## Filter only days in trip
trip <- ldf[ldf$date > as.Date("2016-07-28") &
            ldf$date < as.Date("2016-08-11"),]

## Remove outliers
trip <- trip[trip$long < -50,]
trip <- trip[trip$lat > 33,]

Optimization (or lack there of)

R doesn’t have a reputation as a particularly speedy language. The above code took about 12 minutes to process a ~300 MB JSON file on my 2013 MacBook Air. There is room for improvement here, likely in the JSON load and the line. I only needed to run this code once so speed wasn’t a priority.

Note: when I was just starting out writing R code I was fortunate to read The R Inferno by Patrick Burns. It is a well written reference on the subtleties of the R language told with a nod to Dante’s Inferno. Give it a look if you want to learn more about why R has such a complicated reputation.

First Look

Now that we have our coordinates in a more workable format we can start having a look. This is what my trip looks like using the stock R plotting function.

> plot(trip$long, trip$lat, type="l")
Exploratory Plot

This isn’t a bad start. The path looks generally correct and I can pick out cities (clustered points on the path) vs. long stretches of driving. This type of initial exploratory plotting is useful for diagnosing data quality issues and confirming we are on the right track.


There are a few more things we need to do in order to transform our data into something that can be called a map:

  • Use an appropriate map projection for our data
  • Add geographical borders (in this case US state boundaries)
  • Note the points of interest

These are all things that can be accomplished using the mapping functionality including in the ggplot2 package. There are a number of mapping packages avaliable with R, but I like ggplot2. Not all plotting packages have a philosophy after all:

ggplot2 is a plotting system for R, based on the grammar of graphics, which tries to take the good parts of base and lattice graphics and none of the bad parts. It takes care of many of the fiddly details that make plotting a hassle (like drawing legends) as well as providing a powerful model of graphics that makes it easy to produce complex multi-layered graphics.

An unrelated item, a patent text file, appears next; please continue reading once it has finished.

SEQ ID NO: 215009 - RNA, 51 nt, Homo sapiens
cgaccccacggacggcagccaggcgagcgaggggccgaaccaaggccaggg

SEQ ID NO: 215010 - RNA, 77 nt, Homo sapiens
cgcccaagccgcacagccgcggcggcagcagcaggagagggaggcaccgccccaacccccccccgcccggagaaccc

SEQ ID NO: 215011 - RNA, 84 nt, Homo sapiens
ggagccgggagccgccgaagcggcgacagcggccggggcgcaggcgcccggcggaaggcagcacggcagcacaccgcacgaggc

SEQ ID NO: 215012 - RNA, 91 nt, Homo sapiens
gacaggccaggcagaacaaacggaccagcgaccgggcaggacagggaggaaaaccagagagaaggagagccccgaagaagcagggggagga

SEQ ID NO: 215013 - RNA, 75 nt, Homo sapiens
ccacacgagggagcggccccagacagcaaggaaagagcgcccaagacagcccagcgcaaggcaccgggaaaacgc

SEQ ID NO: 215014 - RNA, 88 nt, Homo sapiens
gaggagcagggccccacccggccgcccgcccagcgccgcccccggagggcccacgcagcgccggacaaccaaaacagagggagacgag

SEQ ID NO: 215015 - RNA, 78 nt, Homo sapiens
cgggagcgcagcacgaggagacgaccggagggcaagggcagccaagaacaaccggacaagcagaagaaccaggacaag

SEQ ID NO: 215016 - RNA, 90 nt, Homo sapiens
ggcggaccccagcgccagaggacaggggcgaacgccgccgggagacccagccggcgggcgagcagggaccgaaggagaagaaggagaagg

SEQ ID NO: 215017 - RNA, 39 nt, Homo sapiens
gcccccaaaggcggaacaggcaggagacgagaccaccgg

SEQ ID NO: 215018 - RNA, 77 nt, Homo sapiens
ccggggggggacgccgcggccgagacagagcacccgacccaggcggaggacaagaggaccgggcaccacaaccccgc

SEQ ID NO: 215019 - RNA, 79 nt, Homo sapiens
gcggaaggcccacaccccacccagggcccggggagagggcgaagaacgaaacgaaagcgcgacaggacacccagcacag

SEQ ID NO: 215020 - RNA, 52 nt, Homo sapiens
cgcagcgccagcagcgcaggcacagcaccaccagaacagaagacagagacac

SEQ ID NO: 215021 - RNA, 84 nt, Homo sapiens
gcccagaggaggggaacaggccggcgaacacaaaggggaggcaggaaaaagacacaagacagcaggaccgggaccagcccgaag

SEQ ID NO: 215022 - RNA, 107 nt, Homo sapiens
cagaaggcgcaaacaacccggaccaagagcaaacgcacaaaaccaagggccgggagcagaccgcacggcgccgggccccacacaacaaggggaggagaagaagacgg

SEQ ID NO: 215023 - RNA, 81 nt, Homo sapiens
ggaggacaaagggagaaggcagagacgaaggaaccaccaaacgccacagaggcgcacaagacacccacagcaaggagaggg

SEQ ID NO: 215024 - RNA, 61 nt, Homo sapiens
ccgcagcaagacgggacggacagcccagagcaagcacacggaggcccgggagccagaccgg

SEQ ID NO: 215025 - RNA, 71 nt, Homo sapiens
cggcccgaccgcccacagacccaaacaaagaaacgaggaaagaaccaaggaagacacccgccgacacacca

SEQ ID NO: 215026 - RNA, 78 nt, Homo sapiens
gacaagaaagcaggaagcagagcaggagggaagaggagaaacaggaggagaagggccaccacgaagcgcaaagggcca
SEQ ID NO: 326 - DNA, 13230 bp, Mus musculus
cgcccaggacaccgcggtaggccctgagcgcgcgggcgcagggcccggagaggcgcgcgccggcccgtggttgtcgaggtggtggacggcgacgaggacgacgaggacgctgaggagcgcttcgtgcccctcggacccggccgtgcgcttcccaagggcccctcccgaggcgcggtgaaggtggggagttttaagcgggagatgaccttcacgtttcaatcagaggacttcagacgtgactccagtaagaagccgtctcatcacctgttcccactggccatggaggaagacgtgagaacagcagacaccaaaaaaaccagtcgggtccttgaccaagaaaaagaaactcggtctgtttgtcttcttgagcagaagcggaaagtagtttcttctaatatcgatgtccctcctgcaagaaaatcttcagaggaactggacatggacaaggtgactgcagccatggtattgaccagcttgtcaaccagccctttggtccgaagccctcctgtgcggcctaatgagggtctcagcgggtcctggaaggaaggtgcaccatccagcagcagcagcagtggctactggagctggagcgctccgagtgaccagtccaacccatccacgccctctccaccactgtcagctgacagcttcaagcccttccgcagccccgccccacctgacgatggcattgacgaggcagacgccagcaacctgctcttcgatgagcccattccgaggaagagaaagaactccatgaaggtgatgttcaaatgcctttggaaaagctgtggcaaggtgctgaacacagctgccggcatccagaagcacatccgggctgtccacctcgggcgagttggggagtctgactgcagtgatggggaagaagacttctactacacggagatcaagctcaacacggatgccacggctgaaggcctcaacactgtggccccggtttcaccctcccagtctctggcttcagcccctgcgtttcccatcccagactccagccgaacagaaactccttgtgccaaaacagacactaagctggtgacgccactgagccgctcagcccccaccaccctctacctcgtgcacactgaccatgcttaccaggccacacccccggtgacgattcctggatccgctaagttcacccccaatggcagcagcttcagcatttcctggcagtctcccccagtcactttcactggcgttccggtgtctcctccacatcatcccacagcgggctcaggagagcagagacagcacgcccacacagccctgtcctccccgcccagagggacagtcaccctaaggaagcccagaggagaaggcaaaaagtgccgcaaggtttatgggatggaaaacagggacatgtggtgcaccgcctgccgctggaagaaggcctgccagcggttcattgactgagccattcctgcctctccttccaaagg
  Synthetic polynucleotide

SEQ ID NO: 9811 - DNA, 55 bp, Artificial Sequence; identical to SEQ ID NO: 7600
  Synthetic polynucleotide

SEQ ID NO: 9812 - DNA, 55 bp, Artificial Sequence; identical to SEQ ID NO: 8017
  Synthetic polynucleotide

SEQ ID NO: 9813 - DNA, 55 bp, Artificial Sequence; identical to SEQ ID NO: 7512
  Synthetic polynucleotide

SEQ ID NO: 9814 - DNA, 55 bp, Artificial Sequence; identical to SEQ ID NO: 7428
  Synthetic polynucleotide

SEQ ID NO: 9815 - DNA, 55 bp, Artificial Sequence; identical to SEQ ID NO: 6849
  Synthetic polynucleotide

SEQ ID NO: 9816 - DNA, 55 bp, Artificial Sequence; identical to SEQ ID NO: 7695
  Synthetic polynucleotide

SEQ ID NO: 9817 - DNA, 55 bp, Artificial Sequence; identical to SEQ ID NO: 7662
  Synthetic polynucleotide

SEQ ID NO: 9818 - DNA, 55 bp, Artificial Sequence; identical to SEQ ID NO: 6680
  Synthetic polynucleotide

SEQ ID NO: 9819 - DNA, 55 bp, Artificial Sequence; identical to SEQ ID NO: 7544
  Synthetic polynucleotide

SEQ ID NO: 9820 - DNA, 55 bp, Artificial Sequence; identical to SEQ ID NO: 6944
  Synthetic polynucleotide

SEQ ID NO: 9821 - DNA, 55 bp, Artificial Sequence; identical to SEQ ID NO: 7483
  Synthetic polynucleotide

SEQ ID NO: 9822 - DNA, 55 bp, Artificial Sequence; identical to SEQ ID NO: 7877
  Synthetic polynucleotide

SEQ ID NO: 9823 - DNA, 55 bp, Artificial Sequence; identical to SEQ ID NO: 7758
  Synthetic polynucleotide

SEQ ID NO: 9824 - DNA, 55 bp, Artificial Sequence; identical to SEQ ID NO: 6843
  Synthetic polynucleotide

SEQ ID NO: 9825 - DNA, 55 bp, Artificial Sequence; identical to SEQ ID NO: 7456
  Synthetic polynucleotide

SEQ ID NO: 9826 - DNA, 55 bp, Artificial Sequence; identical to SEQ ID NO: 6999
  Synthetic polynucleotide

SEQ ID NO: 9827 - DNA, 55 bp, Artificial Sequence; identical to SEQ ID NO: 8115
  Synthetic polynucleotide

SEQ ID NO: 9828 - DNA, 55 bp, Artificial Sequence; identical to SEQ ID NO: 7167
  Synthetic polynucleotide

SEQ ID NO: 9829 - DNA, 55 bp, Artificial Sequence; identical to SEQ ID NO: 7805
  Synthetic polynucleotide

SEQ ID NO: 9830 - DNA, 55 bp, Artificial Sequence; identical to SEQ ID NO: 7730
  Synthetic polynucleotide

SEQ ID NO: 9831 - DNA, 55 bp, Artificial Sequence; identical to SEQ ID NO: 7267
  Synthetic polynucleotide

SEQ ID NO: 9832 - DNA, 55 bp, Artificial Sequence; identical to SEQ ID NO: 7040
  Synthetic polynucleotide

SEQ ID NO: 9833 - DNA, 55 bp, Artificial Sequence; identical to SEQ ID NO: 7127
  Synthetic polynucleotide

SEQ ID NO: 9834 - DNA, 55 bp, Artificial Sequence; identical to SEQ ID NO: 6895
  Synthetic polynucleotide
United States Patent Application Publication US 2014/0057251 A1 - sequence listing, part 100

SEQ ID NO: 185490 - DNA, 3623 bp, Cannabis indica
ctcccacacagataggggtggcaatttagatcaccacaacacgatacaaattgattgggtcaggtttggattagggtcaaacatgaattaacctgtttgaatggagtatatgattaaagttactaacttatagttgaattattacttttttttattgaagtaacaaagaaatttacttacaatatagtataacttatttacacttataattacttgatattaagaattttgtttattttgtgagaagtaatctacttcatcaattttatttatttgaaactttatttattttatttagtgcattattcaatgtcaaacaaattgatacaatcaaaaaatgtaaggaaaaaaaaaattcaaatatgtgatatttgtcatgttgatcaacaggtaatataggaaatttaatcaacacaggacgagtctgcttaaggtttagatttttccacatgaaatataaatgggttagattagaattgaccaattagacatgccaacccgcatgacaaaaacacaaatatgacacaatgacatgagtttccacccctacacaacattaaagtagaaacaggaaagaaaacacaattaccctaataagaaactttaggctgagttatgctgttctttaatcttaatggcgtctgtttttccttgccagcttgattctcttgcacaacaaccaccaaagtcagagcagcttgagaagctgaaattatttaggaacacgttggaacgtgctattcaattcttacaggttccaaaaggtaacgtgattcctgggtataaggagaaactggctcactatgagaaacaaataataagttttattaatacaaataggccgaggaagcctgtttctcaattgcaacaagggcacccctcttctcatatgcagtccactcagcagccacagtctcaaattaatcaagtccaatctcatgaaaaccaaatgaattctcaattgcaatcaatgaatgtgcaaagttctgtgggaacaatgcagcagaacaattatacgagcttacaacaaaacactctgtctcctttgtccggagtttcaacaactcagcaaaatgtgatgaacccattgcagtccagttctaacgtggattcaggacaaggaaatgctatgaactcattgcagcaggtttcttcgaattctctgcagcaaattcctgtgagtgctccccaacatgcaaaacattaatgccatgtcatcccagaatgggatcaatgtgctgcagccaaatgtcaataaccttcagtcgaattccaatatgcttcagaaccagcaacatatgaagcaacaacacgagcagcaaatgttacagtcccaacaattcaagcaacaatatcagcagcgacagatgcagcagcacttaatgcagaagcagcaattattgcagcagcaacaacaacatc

Note: I’ve used ggplot quite a lot in the last three or four years at work and for my own projects and can’t speak highly enough about it. Once I got the hang of creating charts and maps programmatically it made producing graphics using Excel seem painful.


states <- map_data("state")
cities <- read.csv(cities_file)

trip_map <- ggplot()+
         ggtitle("Roadtrip 2016", subtitle="NYC to YVR")+
         geom_map(data=states, map=states,
                  aes(x=long, y=lat, map_id=region),
                  fill="#ffffff", color="grey70", size=0.4)+
         geom_path(data=trip, aes(x=long, y=lat), linetype=1)+
         geom_point(data=cities, color="red",
                   aes(x=long, y=lat, group=NULL))+
         geom_label_repel(data=cities, aes(x=long, y=lat, label=city),
                          label.size=0, size=3,
                          label.padding=unit(0, "lines"),
                          box.padding=unit(0.15, "lines"),
                          point.padding=unit(0.15, "lines"))+
         theme(plot.title = element_text(hjust = 0.5),
               plot.subtitle = element_text(hjust = 0.5))

I’m not going to go in to too much depth about the specifics of this code, a lot of it is just aesthetic configuration options. But generally speaking:

  • ggtitle: adds a title to the figure
  • geom_map: draws US state polygons. The maps library contains boundary data for all of the continental US states
  • geom_path: draws our route, data comes from the trip data.frame
  • geom_point: draws a red circle on the location of every place we stopped for a significant amount of time. I created the cities.csv file manually by pulling coordinates from google maps.
  • geom_label_repel: uses the ggrepel library to draw text labels for each of the stops. ggrepel uses an algorithm to place labels without overlapping each other (unfortunately the route is overlapped in some instances).
  • coord_map: causes our data to be projected using the mercator projection. For more details check out the documentation for the coord_map function.
  • theme_void: strips all of the theme elements from the resulting plot
  • theme: adds back in the title and subtitle

Final product

Below you can see how the final map turned out. I’m quite pleased with the result!

Final Map

Some final thoughts:

  • Parsing out and displaying the amount of distance traveled per day could be interesting. Or determining average driving speed across the trip and then breaking that down by state or time of day.
  • The R graphic can be output in SVG, which apart from being nice to display on the web would be easy to losslessly put on t-shirt or mug to commemorate the trip.
  • Placing labels computationally is quite difficult, ggrepel does an okay job but for a one off map like this you are probably better off just placing them yourself.
Grand Canyon
Another sunset at the Grand Canyon